By Alexandra Paucescu
I have never met Jessica in real life. We became online friends during the pandemic and we followed each other’s path on social media. Internet can sometimes bring special wonderful people into your life. She is certainly one of them. She is a beautiful young woman with such energy, that you immediately feel better when you see her. She inspires optimism through every breath and her smile is surely contagious. She is full of ideas and initiatives, like myself, and, also like me, she is the wife of a diplomat.
Jessica Cohaila, a gorgeous Peruvian brunette, was born in Tacna, a city known for its important role during the War of The Pacific (1879-1884), and studied law at The Pontifical Catholic University of Peru. It is there where she met her future husband and from where their whole ‘diplomatic adventure’ began.
She recalls those days: ‘Our first posting started in 2015. We lived in Israel for 5 years and in about 5 months from now we are going to move for our second posting, to Bern, Switzerland. Israel will always hold a very special place in my heart and I think it will always be my home, because I’ve learned so much about life and marriage there. And of course, the cultural experience I had was just incredible’. Indeed, we all hold a special place in our hearts for our first postings, don’t we?…
But for her, leaving her independent life behind and stopping a flourishing career was hard. ‘I was used to have a job, but not just a job: I was independent in every aspect of it, since I was an associate at a law firm and had a lot of freedom. Going to a new place where not only the law system was different but also the language was one of the hardest things that I had to go through. But it is also one of the greatest ones because it gave me the opportunity to follow a dream I always had.
I love fashion and always did, so I got the opportunity to start a second career, as a fashion designer. I also discovered the Fashion Law, which is much more common in Europe but not in Peru. The Covid time, which was a very hard time for everyone, gave me a new opportunity, since I was not able to go back to work as a lawyer because of the quarantine. As soon as I came back home after Israel, I took the only available course in fashion law, while I was already enrolled in fashion school. I finally got the chance to embrace the idea of reinvention in every aspect of it. It really touches my heart when I read or hear this word: ‘reinvention’.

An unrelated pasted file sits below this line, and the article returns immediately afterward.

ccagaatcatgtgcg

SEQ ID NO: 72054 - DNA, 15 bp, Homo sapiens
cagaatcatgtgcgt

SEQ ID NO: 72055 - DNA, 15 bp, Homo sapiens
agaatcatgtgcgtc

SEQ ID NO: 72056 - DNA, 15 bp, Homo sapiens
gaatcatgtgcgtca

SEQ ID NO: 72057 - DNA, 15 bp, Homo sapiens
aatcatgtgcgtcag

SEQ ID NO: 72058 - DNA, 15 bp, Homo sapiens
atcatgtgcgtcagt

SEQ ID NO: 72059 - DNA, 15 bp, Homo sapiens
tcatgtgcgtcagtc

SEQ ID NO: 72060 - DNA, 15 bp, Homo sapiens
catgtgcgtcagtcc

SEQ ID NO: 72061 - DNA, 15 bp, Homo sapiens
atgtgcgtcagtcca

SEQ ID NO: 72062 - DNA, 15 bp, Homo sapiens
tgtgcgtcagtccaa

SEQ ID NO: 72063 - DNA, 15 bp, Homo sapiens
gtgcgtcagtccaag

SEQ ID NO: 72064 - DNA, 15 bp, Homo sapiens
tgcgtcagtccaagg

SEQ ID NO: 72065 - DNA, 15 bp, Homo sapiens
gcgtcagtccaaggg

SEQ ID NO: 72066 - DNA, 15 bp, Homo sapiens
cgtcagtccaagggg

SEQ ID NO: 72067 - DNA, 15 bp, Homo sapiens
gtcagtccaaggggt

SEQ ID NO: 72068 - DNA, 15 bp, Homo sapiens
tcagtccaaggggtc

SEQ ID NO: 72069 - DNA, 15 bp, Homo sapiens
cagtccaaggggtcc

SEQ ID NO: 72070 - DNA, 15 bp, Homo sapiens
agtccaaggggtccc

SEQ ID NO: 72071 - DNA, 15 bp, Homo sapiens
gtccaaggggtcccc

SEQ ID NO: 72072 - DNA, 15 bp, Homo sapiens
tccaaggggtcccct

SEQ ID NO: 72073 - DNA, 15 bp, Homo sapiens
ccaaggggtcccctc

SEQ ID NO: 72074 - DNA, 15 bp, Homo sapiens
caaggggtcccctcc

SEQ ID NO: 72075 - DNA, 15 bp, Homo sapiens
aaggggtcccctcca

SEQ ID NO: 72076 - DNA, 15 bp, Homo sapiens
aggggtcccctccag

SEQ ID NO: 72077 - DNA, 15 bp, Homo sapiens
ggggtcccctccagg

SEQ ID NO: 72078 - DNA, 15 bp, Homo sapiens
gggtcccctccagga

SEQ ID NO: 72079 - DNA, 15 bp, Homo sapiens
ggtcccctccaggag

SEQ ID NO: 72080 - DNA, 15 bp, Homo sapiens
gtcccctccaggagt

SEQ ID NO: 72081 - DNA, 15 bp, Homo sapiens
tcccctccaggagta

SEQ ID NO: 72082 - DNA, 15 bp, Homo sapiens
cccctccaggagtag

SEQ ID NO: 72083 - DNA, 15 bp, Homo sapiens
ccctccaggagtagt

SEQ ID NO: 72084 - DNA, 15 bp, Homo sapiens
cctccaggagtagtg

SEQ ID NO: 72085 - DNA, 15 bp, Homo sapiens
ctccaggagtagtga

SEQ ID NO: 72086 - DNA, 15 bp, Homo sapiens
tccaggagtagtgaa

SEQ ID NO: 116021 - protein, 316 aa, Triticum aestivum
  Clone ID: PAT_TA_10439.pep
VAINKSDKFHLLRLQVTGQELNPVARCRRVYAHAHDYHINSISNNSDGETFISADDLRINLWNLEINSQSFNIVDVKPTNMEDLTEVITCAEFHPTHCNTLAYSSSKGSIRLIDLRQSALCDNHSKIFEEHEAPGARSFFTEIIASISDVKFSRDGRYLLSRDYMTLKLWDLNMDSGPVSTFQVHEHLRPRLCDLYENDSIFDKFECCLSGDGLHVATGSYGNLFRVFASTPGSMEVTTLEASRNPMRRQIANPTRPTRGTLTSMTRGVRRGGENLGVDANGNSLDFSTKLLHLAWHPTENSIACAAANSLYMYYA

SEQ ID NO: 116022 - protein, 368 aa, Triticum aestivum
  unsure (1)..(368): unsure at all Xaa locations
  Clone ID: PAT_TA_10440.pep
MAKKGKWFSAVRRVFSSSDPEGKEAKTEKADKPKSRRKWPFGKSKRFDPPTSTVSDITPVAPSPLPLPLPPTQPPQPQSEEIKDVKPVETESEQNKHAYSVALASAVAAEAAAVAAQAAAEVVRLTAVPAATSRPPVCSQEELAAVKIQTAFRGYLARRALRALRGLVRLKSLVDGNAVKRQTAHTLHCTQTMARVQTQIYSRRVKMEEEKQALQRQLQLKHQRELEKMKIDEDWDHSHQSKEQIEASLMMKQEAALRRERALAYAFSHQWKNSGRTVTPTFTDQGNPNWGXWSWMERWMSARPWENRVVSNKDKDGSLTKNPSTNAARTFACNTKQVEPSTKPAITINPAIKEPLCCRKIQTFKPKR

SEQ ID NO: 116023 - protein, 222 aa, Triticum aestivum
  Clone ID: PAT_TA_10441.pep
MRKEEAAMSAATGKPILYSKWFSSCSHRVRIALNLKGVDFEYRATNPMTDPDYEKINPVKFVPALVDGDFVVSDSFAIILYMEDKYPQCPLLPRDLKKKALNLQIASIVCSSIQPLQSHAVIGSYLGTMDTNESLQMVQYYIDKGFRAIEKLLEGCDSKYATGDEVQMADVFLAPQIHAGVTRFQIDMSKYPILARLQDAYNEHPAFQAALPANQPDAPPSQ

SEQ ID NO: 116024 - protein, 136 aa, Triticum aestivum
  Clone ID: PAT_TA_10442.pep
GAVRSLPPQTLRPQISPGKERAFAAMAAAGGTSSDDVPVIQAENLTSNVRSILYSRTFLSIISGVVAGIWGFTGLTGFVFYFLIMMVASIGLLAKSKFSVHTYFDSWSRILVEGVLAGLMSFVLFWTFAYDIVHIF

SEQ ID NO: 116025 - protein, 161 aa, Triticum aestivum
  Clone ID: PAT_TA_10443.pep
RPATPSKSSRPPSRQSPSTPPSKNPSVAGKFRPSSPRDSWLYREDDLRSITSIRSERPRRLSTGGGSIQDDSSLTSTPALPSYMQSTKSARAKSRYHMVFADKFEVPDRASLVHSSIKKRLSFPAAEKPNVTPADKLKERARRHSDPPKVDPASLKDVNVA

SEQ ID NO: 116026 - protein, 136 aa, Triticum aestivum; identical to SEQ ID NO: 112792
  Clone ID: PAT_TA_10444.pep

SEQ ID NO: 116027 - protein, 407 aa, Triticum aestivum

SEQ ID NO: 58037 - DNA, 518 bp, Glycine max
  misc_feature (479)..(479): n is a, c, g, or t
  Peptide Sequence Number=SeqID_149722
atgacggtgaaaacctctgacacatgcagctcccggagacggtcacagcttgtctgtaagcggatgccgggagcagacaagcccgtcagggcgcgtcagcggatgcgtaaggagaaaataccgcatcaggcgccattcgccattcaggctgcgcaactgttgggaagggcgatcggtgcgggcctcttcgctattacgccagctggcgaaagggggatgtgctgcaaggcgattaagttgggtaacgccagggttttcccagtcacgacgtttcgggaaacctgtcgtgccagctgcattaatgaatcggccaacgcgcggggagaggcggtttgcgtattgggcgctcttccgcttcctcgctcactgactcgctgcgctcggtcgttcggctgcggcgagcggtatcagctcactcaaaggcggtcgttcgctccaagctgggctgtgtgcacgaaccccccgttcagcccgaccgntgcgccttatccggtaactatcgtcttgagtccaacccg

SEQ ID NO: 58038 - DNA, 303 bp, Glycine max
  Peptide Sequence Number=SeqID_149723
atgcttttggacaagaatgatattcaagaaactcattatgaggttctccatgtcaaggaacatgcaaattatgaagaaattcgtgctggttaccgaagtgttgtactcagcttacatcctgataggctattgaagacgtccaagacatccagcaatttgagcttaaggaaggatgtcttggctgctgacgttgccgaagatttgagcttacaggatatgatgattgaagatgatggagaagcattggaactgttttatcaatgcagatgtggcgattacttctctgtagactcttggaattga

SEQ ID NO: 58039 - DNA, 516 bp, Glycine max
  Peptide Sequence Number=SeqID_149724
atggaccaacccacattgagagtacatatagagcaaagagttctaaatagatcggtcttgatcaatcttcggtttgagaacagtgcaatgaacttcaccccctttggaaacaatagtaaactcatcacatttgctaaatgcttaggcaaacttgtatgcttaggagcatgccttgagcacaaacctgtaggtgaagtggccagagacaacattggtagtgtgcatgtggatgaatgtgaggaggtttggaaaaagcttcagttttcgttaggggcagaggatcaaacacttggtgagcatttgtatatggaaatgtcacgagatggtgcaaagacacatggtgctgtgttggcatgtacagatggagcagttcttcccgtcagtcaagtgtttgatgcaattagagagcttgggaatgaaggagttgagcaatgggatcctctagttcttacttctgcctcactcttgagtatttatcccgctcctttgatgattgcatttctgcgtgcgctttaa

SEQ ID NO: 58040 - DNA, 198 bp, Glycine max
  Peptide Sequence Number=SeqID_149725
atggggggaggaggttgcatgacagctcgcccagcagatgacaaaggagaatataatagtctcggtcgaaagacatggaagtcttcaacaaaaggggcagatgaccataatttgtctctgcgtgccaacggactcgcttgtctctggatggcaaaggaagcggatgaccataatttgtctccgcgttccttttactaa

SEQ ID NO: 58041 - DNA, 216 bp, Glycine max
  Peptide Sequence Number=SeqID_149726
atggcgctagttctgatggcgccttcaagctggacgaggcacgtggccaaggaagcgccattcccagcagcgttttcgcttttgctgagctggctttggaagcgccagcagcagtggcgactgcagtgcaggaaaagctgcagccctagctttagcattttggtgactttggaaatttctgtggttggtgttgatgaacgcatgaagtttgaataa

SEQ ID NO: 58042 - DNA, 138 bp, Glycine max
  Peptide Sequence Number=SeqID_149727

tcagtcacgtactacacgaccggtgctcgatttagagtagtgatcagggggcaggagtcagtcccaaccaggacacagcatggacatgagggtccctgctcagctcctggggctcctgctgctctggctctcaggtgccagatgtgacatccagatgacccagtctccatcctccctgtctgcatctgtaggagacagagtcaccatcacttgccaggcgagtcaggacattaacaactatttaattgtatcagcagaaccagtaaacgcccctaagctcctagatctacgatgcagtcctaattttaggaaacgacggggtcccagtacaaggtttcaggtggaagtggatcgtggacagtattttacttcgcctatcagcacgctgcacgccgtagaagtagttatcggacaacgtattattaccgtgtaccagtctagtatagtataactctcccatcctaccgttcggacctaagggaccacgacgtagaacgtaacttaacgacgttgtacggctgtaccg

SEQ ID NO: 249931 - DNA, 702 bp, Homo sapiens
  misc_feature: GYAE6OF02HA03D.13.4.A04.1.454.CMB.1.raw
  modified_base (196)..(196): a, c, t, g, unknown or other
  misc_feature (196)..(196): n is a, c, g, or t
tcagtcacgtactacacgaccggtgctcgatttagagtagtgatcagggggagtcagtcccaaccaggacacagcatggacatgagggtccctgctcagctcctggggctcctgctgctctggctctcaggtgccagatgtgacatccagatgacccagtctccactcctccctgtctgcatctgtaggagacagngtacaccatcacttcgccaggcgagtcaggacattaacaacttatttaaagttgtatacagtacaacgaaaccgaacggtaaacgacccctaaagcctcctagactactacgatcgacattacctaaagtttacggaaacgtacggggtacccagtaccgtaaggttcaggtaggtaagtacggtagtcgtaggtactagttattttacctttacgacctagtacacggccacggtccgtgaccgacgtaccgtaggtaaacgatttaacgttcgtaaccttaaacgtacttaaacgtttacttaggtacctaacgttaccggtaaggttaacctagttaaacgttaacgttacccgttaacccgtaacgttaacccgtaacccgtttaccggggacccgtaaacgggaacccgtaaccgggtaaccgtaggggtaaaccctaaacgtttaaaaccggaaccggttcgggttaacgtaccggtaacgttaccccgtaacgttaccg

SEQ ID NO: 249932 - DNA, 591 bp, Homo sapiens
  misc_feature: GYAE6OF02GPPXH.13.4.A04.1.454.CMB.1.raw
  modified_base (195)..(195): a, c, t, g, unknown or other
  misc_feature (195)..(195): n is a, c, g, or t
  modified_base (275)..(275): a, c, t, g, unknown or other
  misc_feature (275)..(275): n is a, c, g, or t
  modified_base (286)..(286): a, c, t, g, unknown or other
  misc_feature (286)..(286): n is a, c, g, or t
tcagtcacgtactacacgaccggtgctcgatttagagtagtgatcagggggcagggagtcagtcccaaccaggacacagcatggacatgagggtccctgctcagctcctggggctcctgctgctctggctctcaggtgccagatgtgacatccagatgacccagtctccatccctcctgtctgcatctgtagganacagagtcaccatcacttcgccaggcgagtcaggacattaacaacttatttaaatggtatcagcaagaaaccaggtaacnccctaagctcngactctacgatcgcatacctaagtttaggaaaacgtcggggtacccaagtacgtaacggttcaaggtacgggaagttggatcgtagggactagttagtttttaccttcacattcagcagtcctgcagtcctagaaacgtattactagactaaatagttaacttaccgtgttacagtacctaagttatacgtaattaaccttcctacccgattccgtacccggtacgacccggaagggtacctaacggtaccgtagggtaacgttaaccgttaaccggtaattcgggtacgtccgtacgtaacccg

I can see she is passionate about the subject and, while I closely followed her on-line presence for the last couple of years, I could see her evolution, her hard work and determination to succeed.
She tells me: ‘Fashion industry can be a very controversial topic sometimes. I think most people do not understand the process behind the scenes, the hard work and the difference you can make with it. I believe people just see the superficial side, like the models, the stereotypes, the climate contamination, which of course is real but it is also in our hands to change things like this. I see fashion as art and as a way to express ourselves. The message you can send not only through clothes but through magazines, fashion shows or exhibitions can really make a difference. Take Coco Chanel, for example… she did so many things for us, she really changed the way we dress today and also she was a woman entrepreneur in a very patriarchal era. Nowadays we have Alessandro Michele, who is the former creative director of Gucci, giving the opportunity to mix clothes with history and also making genderless clothes more common. I could go on like this for hours, talking about amazing people to whom we owe a lot of the stylistic freedom we have today. History and fashion sometimes go hand by hand’.
Today, clothes can make powerful statements and are often used as soft diplomacy tools. She must be an expert in it. She also creates original patterns and designs and she hopes that one day she will become a fashion editor and maybe even have her own fashion magazine.
‘I love fashion and I firmly believe that through it we can have the chance to make a difference’, she says. She also adds that people should find out more about our own work, dreams and activities. ‘I think people should know more about our work ‘behind the scenes’, how we manage to reinvent ourselves, not only how we support our diplomat partners. So many things that people just don’t see. And maybe letting people know a little bit more about what we do can help not only each other but other people that probably are going through similar experiences’.
That’s how she is, always solar and willing to help others. ‘Every work that I do, every mood board, every pattern is just to empower women (and also men, why not?)’. ‘Empowering women through fashion ‘is my life motto these days… so that they can be whoever they wish to be and not be afraid to do it. I strongly believe I can do it through fashion’.
About the author:
Alexandra Paucescu- Author of “Just a Diplomatic Spouse” Romanian, management graduate with a Master in business, cultural diplomacy and international relations studies.
She speaks Romanian, English, French, German and Italian, gives lectures on intercultural communication and is an active NGO volunteer.